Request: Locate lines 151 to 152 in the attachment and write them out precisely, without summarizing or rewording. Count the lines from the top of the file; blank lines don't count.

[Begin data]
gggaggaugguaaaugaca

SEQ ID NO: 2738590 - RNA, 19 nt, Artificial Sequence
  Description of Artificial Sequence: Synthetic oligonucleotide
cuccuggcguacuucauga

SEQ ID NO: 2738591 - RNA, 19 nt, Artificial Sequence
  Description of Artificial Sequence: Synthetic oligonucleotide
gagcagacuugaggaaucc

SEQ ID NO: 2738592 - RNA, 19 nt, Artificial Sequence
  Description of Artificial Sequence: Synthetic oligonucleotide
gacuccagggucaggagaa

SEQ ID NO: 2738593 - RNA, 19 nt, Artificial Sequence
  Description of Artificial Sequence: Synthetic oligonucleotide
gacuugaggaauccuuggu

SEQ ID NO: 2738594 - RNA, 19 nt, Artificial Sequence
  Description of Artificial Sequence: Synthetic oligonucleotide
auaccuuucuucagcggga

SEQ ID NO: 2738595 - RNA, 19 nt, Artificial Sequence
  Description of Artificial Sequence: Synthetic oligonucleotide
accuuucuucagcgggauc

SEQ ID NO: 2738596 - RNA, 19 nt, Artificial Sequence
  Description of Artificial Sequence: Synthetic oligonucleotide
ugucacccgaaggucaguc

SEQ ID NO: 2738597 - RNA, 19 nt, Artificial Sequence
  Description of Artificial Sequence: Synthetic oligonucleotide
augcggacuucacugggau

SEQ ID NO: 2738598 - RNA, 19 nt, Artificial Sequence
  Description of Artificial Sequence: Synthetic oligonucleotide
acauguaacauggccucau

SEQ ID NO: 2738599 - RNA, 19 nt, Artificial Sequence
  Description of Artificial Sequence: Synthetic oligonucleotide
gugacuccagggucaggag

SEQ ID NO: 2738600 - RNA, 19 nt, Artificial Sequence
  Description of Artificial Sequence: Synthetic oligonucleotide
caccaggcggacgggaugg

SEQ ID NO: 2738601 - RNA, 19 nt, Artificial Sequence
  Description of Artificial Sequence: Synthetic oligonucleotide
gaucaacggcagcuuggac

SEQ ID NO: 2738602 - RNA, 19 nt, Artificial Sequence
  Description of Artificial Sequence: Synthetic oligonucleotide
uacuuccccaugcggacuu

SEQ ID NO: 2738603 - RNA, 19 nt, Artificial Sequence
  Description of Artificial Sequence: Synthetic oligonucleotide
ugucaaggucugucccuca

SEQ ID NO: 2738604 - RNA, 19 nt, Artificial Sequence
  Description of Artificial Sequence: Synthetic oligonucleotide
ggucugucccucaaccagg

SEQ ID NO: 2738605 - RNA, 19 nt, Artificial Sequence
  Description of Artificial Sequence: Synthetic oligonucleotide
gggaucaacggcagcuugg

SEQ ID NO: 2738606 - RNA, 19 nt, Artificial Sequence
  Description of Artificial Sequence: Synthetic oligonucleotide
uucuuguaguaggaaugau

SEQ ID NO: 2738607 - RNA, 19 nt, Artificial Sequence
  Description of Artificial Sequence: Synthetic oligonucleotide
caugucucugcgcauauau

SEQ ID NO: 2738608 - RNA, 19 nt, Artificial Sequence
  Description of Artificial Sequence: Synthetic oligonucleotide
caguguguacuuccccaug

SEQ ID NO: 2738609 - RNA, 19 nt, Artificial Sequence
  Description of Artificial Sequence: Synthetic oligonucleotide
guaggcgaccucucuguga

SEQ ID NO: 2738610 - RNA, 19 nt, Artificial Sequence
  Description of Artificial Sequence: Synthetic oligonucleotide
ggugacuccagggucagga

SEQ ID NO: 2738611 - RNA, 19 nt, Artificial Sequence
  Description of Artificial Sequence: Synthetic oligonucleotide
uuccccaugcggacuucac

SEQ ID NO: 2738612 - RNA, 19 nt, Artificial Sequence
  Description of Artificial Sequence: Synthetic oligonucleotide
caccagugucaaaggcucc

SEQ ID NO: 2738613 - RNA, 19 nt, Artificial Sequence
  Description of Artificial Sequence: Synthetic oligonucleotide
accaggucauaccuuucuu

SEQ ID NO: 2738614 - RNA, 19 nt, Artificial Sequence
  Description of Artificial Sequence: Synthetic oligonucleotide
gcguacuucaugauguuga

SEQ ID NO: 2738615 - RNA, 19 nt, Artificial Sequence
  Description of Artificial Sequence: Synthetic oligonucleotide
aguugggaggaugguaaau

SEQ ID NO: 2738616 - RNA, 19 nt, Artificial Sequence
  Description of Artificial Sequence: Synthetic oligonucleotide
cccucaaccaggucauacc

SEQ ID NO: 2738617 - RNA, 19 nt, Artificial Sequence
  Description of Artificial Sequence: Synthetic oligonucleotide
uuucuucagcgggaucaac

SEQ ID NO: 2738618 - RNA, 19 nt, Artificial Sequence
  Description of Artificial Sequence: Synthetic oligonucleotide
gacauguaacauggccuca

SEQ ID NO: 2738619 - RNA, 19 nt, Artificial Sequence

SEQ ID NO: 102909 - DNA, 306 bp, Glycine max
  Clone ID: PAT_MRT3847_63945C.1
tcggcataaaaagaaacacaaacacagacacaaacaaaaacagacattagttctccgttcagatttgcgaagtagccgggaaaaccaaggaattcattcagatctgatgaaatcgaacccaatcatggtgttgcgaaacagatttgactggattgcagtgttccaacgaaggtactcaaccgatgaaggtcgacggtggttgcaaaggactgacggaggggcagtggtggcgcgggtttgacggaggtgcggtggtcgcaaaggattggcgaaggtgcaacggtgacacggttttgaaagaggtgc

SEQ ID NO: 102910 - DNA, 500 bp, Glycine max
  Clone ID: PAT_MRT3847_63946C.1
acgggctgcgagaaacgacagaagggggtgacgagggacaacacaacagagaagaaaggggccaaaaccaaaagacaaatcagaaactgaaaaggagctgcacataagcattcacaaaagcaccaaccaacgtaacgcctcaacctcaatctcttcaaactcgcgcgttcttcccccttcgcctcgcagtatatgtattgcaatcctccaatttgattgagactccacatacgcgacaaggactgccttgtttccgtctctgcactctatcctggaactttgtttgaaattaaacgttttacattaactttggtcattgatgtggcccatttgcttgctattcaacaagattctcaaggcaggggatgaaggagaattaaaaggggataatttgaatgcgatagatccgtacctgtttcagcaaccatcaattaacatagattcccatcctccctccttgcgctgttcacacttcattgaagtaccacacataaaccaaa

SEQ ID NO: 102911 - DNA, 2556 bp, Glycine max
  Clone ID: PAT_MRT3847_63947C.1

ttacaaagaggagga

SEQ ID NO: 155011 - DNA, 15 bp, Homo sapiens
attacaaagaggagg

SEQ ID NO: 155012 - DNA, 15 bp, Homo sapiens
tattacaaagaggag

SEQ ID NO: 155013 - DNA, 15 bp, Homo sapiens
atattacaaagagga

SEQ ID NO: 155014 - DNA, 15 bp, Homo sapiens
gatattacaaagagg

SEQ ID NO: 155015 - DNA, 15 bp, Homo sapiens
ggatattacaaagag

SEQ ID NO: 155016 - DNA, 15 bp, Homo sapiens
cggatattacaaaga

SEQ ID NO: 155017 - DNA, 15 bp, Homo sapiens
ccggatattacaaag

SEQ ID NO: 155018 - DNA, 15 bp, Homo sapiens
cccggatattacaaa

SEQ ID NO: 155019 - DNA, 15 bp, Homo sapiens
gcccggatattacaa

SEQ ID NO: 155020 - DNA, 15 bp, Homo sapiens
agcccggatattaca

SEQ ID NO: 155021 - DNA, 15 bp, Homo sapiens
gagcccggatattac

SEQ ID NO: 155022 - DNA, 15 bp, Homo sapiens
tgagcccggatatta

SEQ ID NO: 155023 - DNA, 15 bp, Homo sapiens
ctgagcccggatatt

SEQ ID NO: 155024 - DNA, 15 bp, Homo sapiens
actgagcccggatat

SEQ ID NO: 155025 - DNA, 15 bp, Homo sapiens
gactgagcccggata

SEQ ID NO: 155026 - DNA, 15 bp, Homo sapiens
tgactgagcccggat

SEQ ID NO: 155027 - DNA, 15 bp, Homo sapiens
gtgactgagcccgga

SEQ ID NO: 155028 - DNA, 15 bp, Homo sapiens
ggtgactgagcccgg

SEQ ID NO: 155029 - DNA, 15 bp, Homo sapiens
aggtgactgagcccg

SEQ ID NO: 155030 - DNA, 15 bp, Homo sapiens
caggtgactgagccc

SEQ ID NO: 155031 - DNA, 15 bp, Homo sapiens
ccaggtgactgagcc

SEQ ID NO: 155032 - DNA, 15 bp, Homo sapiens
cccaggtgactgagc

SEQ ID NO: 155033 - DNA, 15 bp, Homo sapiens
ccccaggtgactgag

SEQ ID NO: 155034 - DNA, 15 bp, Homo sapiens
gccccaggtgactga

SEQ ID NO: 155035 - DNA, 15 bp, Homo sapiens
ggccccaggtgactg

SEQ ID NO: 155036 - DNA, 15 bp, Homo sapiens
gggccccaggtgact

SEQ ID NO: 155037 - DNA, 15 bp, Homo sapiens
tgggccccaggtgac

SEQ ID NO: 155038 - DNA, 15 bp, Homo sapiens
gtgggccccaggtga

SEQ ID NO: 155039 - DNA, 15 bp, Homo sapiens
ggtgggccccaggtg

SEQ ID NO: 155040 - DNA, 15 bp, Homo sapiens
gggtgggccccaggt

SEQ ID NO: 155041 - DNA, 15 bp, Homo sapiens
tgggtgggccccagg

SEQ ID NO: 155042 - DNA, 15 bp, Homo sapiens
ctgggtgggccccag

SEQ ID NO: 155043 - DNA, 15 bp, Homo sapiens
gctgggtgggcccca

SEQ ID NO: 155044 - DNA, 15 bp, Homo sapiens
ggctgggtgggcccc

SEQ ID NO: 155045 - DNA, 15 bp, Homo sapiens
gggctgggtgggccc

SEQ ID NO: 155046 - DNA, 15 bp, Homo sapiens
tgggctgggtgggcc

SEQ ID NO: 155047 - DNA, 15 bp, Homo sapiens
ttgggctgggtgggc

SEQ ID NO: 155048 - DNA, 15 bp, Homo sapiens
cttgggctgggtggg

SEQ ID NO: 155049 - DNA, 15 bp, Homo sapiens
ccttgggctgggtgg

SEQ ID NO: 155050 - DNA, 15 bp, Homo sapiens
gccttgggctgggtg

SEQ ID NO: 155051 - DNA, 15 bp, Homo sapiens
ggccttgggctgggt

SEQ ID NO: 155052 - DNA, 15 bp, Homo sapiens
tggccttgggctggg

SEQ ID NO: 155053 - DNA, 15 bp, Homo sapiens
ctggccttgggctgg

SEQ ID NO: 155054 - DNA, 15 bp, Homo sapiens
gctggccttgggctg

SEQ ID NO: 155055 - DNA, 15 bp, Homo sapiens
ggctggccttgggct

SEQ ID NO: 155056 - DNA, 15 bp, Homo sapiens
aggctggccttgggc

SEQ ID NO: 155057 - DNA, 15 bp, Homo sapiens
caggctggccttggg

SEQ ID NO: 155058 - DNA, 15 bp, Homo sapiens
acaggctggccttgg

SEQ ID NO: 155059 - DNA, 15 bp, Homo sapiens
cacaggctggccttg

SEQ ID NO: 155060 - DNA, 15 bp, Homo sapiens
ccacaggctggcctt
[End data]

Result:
SEQ ID NO: 155037 - DNA, 15 bp, Homo sapiens
tgggccccaggtgac